Occupation: Graduate student, Queens College
Weight before: 310 (March 2010)
Weight after: 205 (February 2012)
While Evan Grabelsky's ballooning weight was no secret, how he got that way was. Grabelsky, of Merrick, says he was a binge eater addicted to food. "There wasn't anything I wouldn't eat," he says. "I'd have a full dinner and then go out and eat at every fast-food joint in the neighborhood -- chicken nuggets, sandwiches, fries, hot dogs -- all in my car in the dark."
His cholesterol was off the charts. He was prediabetic and so out of shape that standing in the shower sometimes left him out of breath.
Grabelsky's doctor told him that he was on the road to major medical complications, even death. Fear and shame finally drove him to a Weight Watchers meeting in Wantagh. "I went in and the woman at the desk was so nice," he says. "She suggested I sit in on a meeting that was just about to start." The topic? Food addiction. "It was like he was talking to me," Grabelsky says.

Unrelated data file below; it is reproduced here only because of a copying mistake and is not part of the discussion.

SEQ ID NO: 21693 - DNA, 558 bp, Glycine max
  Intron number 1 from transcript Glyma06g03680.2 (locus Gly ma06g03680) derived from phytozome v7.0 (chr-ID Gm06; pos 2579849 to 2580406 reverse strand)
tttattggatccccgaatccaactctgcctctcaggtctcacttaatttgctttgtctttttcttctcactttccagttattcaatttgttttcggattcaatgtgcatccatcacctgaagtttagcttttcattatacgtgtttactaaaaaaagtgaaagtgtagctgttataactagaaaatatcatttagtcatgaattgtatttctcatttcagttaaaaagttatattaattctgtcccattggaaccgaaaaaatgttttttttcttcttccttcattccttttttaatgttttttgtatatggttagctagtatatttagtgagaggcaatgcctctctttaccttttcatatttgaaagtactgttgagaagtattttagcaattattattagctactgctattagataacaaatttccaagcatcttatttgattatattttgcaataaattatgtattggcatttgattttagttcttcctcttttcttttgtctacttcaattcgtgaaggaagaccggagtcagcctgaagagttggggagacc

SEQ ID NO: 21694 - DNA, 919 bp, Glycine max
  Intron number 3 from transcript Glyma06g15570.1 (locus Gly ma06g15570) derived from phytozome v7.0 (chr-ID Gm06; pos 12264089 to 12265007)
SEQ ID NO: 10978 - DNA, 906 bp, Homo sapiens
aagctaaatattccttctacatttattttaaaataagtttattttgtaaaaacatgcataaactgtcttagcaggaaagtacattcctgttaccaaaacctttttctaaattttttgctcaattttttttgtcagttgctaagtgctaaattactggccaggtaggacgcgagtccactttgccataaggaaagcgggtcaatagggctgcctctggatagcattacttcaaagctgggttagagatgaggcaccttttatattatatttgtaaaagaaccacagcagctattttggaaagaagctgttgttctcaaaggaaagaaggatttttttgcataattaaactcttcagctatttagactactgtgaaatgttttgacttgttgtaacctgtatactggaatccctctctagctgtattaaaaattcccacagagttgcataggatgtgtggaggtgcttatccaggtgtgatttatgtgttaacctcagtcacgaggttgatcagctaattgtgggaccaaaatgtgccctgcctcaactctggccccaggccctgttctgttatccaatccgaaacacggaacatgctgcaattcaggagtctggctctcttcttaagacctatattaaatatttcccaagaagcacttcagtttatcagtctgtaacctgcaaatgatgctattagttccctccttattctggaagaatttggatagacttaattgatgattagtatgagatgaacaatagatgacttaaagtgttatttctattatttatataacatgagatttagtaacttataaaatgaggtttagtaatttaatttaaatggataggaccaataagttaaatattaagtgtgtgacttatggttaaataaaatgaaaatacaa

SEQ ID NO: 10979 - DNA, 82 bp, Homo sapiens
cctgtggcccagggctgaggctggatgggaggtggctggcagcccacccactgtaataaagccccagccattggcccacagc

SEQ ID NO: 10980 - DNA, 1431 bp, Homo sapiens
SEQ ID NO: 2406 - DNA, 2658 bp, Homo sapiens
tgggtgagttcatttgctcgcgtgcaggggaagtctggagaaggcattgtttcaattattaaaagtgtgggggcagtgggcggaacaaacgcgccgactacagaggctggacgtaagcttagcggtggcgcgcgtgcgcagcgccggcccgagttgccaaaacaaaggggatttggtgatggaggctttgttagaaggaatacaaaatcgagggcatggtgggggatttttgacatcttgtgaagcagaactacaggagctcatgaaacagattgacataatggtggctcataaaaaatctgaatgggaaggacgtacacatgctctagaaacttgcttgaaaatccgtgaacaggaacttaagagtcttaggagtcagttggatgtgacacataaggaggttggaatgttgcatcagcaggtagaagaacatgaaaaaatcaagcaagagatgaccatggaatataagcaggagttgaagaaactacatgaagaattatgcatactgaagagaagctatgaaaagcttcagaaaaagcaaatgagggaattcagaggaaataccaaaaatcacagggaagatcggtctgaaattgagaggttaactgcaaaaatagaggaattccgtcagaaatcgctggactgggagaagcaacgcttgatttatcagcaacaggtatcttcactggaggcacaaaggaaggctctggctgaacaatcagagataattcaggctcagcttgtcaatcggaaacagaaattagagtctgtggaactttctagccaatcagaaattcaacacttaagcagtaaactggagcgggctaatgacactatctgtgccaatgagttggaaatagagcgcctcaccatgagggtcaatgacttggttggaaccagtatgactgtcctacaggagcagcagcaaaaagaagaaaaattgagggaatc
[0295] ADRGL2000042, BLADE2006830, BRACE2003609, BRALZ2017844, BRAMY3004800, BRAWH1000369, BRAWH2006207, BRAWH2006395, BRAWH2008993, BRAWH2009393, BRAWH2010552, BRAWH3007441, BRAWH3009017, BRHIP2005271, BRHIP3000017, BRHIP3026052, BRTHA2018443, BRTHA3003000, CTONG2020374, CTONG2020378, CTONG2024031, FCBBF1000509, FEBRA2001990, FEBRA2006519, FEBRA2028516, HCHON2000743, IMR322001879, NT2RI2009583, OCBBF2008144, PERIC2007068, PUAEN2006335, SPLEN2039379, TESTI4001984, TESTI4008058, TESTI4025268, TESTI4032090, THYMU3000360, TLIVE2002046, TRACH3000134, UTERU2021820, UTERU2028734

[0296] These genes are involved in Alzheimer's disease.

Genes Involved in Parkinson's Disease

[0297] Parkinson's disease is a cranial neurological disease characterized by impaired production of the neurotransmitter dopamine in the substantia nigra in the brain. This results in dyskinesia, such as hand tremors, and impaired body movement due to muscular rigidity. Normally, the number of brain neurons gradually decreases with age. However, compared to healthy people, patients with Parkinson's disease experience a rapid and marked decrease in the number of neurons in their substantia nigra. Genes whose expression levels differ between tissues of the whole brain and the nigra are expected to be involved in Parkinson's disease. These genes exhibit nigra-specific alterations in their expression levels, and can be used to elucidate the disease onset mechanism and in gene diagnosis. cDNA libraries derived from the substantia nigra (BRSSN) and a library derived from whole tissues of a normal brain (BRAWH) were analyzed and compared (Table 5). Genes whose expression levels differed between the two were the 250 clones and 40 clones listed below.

He hasn't missed a meeting since.
He now eats salads, whole grains and his daily allowance of vegetables and fruits. He drinks water almost exclusively. He also creates healthier versions of former favorites. "I take the Chinese food I used to love and just put it over vegetables or use it in a stir-fry," says Grabelsky. He said he doesn't believe any food should be off-limits, just eaten in moderation, like his once-monthly slice of pizza.
"I walk on the treadmill every day at the highest incline and at about 3 miles per hour," says Grabelsky, who spends nearly 90 minutes a day on the machine. In addition, he lifts weights three times a week. "When you lose a lot of weight, you have a lot of excess skin," he says. "Weightlifting helps tone things up."
Address the emotional while you're dealing with the physical. "I started a journal, and not only journaled what I was eating, but what I was feeling," Grabelsky says. "Eventually, I was actually dealing with my feelings because they were right there in front of me."